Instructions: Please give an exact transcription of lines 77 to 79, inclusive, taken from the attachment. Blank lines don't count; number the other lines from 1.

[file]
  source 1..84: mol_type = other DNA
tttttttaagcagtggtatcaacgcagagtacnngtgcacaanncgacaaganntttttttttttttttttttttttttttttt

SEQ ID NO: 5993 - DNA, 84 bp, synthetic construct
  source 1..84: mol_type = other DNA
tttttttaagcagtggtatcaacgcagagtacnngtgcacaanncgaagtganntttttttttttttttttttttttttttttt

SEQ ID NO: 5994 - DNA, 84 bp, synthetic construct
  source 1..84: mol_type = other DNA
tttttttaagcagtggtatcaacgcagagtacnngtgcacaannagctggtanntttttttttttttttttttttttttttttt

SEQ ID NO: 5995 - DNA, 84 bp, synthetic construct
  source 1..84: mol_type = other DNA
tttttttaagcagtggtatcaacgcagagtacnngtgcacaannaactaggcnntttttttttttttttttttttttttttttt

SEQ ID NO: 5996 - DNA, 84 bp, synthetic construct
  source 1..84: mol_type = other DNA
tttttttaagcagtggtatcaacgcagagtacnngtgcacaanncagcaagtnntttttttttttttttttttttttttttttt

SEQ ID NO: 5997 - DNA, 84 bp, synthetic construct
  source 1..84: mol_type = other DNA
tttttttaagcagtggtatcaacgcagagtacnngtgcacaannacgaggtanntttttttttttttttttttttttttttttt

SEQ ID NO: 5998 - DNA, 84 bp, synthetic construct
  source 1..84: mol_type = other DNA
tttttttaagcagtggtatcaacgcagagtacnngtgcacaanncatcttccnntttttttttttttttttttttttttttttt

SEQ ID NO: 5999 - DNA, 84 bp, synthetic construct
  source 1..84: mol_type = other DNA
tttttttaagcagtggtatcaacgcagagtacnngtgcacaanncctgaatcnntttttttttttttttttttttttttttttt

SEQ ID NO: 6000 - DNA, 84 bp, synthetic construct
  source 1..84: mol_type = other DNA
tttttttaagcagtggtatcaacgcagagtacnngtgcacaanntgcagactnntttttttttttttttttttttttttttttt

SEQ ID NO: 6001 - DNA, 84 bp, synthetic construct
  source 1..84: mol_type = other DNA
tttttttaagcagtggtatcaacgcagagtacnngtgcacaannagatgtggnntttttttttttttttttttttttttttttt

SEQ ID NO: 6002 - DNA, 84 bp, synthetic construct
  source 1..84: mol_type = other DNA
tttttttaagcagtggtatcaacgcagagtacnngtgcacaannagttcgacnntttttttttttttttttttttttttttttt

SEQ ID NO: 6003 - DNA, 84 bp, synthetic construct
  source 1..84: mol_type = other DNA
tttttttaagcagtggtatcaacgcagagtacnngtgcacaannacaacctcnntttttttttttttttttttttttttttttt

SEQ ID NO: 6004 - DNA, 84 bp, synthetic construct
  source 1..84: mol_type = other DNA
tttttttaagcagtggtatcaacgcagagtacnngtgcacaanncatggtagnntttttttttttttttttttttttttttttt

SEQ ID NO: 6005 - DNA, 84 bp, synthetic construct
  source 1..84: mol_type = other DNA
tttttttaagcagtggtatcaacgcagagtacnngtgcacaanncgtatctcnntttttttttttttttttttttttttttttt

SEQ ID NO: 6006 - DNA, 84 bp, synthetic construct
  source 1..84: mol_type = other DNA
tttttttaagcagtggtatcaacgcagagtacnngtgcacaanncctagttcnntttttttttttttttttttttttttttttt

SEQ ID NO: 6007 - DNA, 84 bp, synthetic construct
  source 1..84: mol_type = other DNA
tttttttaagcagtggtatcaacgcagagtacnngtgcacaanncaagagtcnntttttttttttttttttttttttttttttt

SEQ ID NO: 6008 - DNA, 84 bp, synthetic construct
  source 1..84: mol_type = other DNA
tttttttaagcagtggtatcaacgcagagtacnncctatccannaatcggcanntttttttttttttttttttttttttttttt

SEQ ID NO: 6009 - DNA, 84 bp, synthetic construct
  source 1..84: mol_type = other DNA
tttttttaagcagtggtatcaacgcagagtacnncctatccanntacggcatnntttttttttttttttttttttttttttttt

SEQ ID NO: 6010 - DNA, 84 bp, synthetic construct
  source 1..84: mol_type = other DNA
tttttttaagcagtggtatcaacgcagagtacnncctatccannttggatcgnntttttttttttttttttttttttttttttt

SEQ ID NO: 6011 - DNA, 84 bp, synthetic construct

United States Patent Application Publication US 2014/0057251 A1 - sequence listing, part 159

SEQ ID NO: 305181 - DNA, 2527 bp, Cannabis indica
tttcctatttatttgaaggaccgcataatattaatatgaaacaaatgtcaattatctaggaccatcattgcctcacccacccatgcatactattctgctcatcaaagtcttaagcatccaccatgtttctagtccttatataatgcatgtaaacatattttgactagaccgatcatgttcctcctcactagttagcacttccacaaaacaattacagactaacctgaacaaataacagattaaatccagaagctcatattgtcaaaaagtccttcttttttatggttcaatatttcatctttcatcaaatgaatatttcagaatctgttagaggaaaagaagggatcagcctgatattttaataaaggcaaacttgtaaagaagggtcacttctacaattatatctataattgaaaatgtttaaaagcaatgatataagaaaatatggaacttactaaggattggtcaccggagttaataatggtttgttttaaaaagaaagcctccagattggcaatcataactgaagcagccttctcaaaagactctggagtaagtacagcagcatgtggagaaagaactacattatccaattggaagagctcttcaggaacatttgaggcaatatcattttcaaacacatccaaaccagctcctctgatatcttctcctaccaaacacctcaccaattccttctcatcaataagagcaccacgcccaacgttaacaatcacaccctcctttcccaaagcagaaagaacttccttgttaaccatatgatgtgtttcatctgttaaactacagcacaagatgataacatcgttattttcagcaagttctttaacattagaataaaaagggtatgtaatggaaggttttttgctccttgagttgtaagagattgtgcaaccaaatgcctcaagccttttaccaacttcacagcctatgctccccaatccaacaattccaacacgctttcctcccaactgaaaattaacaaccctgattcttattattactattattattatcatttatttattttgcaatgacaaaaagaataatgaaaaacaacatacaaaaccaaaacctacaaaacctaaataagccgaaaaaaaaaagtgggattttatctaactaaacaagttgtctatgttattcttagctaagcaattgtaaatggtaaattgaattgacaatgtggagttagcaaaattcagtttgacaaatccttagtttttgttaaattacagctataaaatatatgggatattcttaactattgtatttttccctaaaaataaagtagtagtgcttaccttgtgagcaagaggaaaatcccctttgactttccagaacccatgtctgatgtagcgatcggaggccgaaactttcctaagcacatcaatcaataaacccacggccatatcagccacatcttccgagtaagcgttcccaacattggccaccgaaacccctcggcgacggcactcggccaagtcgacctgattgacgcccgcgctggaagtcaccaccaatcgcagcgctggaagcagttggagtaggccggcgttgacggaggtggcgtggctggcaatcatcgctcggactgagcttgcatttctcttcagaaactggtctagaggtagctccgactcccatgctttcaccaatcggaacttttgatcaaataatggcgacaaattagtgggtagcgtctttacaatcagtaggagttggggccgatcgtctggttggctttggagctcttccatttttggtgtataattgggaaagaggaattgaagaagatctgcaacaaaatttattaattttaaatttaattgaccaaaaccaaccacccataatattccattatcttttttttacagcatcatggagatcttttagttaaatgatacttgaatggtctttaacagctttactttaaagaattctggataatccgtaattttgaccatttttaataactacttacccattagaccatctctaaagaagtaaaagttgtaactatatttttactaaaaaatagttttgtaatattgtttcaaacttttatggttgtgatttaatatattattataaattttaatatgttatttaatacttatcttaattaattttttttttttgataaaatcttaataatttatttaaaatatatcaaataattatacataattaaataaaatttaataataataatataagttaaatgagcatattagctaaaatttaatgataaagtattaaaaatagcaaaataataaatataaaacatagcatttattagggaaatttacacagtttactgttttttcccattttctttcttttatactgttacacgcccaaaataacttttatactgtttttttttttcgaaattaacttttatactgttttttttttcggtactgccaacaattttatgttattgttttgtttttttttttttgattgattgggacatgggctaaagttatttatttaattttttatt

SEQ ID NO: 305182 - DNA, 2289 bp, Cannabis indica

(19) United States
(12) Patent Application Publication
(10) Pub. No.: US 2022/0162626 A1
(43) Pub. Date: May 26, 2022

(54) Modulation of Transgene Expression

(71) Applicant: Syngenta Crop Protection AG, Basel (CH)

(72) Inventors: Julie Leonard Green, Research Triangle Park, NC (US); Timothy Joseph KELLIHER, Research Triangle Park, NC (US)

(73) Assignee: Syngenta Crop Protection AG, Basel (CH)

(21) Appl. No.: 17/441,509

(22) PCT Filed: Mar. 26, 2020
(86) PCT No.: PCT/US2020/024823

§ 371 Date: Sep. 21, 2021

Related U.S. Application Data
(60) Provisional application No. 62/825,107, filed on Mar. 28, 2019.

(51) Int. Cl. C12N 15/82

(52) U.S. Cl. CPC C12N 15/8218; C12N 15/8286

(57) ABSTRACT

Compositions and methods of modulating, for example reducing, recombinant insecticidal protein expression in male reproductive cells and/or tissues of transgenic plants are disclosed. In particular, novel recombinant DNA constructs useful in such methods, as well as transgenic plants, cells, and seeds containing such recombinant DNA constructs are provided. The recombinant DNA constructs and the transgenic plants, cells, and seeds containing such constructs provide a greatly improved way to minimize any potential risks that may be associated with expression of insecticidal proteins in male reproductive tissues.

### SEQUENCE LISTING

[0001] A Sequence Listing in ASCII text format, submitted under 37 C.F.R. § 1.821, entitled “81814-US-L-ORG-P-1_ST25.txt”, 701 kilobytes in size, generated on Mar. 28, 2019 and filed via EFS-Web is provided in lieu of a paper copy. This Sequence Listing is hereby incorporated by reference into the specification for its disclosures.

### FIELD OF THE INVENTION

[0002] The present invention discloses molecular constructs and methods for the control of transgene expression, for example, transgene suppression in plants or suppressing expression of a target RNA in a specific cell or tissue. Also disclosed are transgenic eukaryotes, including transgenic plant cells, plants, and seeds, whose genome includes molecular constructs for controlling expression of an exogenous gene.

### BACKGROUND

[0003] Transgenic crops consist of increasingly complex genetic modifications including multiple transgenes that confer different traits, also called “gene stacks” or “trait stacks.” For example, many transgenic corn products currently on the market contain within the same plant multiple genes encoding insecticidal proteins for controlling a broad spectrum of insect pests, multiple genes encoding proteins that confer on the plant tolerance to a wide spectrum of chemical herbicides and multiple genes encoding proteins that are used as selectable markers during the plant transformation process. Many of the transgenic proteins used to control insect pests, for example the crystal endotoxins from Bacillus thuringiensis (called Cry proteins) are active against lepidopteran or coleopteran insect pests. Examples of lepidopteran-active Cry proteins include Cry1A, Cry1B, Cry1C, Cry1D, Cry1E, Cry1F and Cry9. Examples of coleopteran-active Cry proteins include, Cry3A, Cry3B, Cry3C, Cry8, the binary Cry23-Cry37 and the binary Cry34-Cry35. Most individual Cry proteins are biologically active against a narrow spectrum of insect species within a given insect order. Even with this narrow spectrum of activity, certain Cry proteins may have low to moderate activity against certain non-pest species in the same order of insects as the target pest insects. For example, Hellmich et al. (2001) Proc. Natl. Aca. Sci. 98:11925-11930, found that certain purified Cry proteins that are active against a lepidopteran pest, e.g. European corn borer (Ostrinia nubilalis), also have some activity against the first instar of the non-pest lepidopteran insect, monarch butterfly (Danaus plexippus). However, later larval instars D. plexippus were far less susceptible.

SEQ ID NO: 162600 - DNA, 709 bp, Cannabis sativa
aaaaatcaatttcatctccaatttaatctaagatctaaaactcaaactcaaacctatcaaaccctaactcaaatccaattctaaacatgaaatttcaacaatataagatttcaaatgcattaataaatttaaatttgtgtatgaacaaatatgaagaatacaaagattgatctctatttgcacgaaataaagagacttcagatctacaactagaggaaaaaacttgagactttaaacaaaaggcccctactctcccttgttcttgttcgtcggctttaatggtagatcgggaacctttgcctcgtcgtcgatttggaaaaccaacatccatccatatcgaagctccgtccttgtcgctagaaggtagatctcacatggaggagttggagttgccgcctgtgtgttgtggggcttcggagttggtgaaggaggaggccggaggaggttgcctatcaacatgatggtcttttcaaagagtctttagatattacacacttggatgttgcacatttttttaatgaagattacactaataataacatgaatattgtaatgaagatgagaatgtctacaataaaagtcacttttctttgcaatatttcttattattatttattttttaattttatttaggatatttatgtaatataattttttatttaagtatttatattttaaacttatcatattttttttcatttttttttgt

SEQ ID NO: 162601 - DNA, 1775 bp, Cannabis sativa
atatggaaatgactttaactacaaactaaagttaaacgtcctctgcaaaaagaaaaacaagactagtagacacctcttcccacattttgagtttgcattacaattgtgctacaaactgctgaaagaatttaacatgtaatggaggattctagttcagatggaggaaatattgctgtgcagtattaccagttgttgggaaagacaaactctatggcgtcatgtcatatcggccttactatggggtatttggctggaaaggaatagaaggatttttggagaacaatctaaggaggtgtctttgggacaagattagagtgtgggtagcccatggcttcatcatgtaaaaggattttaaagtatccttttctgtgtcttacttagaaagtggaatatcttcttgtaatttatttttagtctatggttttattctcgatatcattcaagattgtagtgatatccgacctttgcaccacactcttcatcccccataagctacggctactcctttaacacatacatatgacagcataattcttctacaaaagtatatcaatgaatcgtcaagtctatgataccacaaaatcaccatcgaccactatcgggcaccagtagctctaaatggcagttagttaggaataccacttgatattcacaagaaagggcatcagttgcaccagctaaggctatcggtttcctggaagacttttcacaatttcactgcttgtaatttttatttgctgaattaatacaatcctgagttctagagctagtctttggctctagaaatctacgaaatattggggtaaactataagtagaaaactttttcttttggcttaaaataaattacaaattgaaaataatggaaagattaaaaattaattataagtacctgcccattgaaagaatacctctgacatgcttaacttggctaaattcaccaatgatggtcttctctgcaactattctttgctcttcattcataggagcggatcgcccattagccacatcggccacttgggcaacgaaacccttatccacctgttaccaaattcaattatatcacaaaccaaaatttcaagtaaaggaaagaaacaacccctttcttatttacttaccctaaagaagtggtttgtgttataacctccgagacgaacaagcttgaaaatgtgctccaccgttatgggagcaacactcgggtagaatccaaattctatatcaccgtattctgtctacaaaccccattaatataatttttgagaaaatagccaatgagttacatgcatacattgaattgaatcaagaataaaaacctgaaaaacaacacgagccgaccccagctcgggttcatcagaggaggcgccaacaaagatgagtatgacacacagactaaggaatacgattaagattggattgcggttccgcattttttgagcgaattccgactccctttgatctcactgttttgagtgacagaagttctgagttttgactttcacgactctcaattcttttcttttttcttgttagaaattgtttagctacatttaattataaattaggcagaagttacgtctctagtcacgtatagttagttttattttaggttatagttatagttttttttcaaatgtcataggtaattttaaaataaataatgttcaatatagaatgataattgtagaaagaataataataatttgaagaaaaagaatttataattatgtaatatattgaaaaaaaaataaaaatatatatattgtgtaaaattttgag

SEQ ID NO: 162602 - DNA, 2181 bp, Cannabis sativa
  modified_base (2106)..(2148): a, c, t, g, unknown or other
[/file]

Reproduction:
(52) U.S. Cl. CPC C12N 15/8218; C12N 15/8286

(57) ABSTRACT

Compositions and methods of modulating, for example reducing, recombinant insecticidal protein expression in male reproductive cells and/or tissues of transgenic plants are disclosed. In particular, novel recombinant DNA constructs useful in such methods, as well as transgenic plants, cells, and seeds containing such recombinant DNA constructs are provided. The recombinant DNA constructs and the transgenic plants, cells, and seeds containing such constructs provide a greatly improved way to minimize any potential risks that may be associated with expression of insecticidal proteins in male reproductive tissues.